During the COVID-19 pandemic, Federal IT operations are providing a resilient fabric that enables accelerated delivery of vital services to citizens during an unprecedented public health crisis. As government IT operations reach their new steady-state and map the path to further modernization, MeriTalk is surfacing the untold stories – and lessons – of those efforts. In the latest installment of CIO Crossroads, we examine the Labor Department’s performance eight weeks into the fray.
Labor’s Lessons: Modernize Early and Often – CIO Q&A
There’s no hard-and-fast rule book for how to go above and beyond during a national crisis. But after speaking with Labor Department CIO Gundeep Ahluwalia, it’s clear that the agency’s pandemic response is a marathon, not a sprint, and that having the foresight to make significant investments in cloud and infrastructure modernization had a huge mission impact.
Labor oversees Federal administration of myriad workforce areas – unemployment insurance benefits, occupational health, wage and hour standards, and economic statistics. Its role plugs the agency squarely into the currently fractured employment landscape, and into the path to eventual recovery.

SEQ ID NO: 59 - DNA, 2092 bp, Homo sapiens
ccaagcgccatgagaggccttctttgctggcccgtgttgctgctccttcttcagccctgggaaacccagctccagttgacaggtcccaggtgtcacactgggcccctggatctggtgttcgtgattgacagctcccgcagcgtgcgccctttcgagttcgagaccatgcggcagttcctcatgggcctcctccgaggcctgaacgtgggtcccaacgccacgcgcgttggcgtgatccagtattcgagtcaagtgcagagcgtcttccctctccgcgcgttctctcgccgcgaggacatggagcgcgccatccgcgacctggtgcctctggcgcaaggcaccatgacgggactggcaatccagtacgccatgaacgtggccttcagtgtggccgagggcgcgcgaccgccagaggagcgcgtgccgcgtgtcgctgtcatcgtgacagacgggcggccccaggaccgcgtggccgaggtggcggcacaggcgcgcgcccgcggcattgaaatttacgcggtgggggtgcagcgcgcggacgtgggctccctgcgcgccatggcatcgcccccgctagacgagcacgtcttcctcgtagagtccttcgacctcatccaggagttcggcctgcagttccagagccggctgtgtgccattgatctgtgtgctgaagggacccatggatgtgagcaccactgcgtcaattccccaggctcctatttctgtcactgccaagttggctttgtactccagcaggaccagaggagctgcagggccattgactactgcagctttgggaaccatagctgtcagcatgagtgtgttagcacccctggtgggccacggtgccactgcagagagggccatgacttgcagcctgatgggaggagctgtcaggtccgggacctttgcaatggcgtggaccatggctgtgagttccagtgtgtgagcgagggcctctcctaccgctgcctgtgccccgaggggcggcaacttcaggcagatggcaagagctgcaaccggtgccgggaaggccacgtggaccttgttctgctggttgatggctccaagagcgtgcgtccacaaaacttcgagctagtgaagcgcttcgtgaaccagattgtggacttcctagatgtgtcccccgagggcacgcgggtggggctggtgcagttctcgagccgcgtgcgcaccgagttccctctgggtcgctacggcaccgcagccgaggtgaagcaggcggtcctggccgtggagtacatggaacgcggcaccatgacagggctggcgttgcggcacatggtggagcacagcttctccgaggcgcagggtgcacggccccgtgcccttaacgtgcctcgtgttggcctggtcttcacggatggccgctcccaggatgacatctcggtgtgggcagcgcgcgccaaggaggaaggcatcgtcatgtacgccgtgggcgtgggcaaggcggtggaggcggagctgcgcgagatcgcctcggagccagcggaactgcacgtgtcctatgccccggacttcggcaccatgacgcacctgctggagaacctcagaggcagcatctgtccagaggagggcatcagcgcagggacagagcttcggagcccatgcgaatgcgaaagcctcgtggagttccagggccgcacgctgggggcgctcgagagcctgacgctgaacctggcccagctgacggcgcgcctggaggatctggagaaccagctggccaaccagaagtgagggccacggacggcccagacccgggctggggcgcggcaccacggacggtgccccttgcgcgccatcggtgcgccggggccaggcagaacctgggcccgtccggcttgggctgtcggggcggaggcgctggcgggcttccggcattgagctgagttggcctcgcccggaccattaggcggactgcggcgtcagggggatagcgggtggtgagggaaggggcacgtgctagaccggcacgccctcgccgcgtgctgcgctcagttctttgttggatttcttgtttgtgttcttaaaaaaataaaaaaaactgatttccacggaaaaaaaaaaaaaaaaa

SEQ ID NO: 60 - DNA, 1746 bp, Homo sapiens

Labor was able to quickly shift to 95 percent telework by investing in the cloud (recently migrating 23 mission applications), doubling its VPN capacity, and partnering with industry to get pre-imaged laptops to employees working at home.
That agility translated to rapid mission impact during the pandemic response. Labor rushed technical assistance to numerous states whose unemployment claim systems are overwhelmed. It went electronic with systems that approve 100,000 foreign labor applications for seasonal workers – keeping store shelves stocked and helping prevent a labor shortage that would further devastate the economy. The agency’s prior investments in cloud and infrastructure modernization allowed it to easily handle immense surges in website traffic – including a 300 percent increase in page views on family medical leave, a 340 percent increase on disaster assistance, and a 20 times increase in traffic for benefits information – to continue providing service to citizens in need without blinking an eye.